LAEO Claims Evasive Bureaucratic Language Masks Outdated Science
While the five-year anniversary mark for the catastrophic 2010 BP oil spill in the Gulf of Mexico has captured renewed media and public attention, few discussions seem to be addressing conflicting science on oil spill clean up chemicals, alleged to be one the most ‘insidious and invisible’ threats to earth’s oceans combined with a ‘broken emergency response system for addressing hazardous chemical spills in the United States’.
Los Angeles (PRWEB) April 22, 2015
2010 Oil Spill, Dividing Line
On Earth Day 2015, the Lawrence Anthony Earth Organization (LAEO) launched an aggressive ‘Take Action for Earth’s Waters’ program challenging some of the logic in the EPA’s National Contingency Plan for Oil and Hazardous Spills. Its explicit purpose is to deal with what LAEO is calling “a threat posed by permissiveness and complacency in a complicated morass of clean water protection regulations that will inevitably result in the destruction of our oceans and waters”.
For the first time in twenty-one years, major regulatory revisions have been proposed by the Environmental Protection Agency (EPA) to address concerns over this system and the chemicals used to clean up spills. LAEO with its alliance of oil spill response professionals and advisors allege that several sections of the revisions “contain elusive and/or ambiguous language that provide easy pathways for hazardous chemicals to enter our oceans and waters”.
The EPA published its new rules in the Federal Register in February with a 90-day public comment period, which ironically, just ended on Earth Day, April 22nd. Having researched spill response deficiencies in U.S. regulations since the Deepwater Horizon disaster, the LAEO has issued a series of publications to educate regulators and the public on system gaps, solutions as well as Cooperative Ecology Thinking. The group plans to distribute their EPA Public CommentRecommendations to industry and regulators globally asking that they join LAEO in collaborative research projects for optimizing oil spill response systems.
“The threat isn’t the inevitable ocean spills, pipeline bursts and train derailments–it is the crazy idea that spills cannot truly be cleaned up despite there being technology and solutions that already exist to fully remove these pollutants,” said LAEO VP Operations Diane Wagenbrenner. “We believe our recommendations are constructive and helpful to the EPA; however, regardless of what they do with them, we will continue to work with all stakeholders until better solutions are implemented,” she continued.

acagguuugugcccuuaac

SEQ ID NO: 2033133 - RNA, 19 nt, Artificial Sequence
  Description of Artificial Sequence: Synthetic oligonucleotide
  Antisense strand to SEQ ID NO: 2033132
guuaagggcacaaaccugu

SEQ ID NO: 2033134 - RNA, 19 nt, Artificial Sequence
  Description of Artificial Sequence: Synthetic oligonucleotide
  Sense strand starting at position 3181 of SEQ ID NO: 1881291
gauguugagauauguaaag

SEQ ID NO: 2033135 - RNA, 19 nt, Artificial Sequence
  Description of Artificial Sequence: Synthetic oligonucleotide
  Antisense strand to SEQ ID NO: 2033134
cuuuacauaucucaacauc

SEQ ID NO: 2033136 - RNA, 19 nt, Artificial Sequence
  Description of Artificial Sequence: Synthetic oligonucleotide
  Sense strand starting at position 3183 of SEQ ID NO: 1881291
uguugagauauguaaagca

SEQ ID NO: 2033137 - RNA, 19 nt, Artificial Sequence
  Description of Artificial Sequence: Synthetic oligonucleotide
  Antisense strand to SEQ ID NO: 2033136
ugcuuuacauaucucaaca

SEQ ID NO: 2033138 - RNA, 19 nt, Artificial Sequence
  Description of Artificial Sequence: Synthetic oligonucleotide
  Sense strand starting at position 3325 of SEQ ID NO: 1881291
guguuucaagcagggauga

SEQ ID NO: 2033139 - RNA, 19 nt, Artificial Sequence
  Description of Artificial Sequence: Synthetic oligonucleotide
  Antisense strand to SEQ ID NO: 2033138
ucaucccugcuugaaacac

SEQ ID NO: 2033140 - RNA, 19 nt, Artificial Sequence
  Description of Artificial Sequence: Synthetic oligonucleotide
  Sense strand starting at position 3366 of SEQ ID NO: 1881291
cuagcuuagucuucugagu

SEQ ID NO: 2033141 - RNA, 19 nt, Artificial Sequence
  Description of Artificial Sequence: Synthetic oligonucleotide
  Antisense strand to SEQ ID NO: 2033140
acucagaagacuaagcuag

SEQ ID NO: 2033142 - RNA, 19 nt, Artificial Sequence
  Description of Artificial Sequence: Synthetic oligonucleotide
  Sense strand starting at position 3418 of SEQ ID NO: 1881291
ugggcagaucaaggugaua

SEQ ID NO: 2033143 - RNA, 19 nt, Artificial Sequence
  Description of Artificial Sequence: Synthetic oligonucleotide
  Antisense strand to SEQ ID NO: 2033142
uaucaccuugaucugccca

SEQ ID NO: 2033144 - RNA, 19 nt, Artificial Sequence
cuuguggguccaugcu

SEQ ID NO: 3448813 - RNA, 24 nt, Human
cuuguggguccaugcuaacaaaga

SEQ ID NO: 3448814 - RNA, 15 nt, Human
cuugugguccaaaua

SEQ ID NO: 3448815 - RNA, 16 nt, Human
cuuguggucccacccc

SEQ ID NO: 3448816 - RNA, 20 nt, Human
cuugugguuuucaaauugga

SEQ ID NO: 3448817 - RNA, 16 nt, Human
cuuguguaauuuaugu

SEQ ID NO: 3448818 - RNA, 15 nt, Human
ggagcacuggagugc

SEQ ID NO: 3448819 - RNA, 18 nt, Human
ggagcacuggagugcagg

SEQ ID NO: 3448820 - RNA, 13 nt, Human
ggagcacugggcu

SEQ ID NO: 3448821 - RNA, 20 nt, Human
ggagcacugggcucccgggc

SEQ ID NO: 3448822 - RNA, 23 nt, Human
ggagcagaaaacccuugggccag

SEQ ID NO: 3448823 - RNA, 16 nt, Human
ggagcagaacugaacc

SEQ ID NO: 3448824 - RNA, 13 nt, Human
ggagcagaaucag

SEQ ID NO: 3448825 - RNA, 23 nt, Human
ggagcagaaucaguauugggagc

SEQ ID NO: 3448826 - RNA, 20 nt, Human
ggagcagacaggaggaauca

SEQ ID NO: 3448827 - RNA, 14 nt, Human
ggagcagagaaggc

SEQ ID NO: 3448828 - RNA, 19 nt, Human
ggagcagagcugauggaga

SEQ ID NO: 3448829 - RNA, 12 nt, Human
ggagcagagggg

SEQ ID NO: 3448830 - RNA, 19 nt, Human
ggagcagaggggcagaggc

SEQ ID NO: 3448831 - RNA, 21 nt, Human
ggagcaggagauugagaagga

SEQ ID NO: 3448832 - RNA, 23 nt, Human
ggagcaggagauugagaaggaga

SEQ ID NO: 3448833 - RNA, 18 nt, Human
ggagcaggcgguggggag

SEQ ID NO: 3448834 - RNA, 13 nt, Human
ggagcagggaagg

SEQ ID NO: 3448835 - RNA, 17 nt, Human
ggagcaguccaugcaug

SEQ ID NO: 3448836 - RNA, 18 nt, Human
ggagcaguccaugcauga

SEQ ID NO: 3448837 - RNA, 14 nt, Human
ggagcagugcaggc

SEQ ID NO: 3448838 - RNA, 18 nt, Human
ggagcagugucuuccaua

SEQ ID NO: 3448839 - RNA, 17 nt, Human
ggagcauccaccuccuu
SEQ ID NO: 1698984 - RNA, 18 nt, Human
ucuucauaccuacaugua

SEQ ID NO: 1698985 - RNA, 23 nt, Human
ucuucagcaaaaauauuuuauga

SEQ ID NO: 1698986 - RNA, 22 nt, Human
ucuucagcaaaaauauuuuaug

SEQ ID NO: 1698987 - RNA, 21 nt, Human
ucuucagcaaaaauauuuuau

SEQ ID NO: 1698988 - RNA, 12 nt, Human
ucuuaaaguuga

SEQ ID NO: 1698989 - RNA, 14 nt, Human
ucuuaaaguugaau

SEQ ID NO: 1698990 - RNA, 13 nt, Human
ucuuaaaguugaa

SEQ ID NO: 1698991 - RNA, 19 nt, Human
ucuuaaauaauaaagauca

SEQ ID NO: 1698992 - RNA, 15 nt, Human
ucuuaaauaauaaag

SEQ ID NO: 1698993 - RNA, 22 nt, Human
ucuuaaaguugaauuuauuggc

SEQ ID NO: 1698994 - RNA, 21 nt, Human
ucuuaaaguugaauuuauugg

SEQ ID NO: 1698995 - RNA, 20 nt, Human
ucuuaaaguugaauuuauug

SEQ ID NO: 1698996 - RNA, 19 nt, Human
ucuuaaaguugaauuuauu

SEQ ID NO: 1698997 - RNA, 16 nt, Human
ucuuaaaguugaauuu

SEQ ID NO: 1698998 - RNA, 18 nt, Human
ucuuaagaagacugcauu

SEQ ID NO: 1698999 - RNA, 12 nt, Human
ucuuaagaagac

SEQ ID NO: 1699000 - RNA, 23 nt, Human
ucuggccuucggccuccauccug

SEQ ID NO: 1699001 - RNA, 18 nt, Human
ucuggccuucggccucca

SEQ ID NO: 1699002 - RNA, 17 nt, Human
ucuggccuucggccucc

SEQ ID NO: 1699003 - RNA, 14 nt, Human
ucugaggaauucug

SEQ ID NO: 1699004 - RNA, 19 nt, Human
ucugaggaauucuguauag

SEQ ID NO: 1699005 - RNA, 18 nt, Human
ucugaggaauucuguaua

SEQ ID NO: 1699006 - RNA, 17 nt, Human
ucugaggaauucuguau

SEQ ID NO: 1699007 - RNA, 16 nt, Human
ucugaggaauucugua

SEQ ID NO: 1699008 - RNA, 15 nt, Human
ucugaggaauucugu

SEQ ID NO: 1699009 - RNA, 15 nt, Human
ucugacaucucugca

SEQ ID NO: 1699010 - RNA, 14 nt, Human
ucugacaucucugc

How the EPA will deal with the more than 350 submitted public comments on their revised rules is unknown. The American Petroleum Institute, along with other industry groups, asked for an extension on the 90-day period, which was denied. Given that these revisions are based, in part, on lessons learned during the 2010 BP blowout, many oil spill response professionals are anxious to get into an implementation phase.
Richard Charter, an oil spill response veteran and Senior Fellow with The Ocean Foundation, sheds light on that in his submitted public comment saying: “Determining whether or not to approve the application of chemical dispersants to maritime spills of crude oil or refined petroleum products is often one of the most controversial and consequential decisions facing resource managers. Proposals for much-needed revisions to an ineffective framework of confusing regulations are long overdue, and while the present iteration of proposed changes…represents a good start, more needs to be done to respond to the issues raised in our subsequent comments.”
LAEO and its Change Oil Spill Response Global Alliance point out that the conglomerate of 14 U.S. government agencies with environmental protection responsibilities and multiple layers of protectors and enforcers are very aware that they do not have truly workable solutions for dealing with oil and hazardous chemical spills. Many environmental groups and professionals have expressed valid concerns in their public comments that 5 years past the BP/Gulf spill should have produced better protections. However, according to most, lessons have not been learned re the “insidious and invisible” dangers of chemical dispersants which appear to still have a dominant position in oil spill response and EPA’s proposals.
“Our oceans are being broken because of a dysfunctional system that can actually be fixed. Those responsible for fixing it are not doing so, hence, we along with qualified environmental science and other professionals must form a strong alliance to take this on ourselves,” said Barbara Wiseman, LAEO’s International President.
The question remains; will the new EPA proposals protect our waters from oil and hazardous chemicals? Time will tell. But many are saying–we no longer have the time to tell.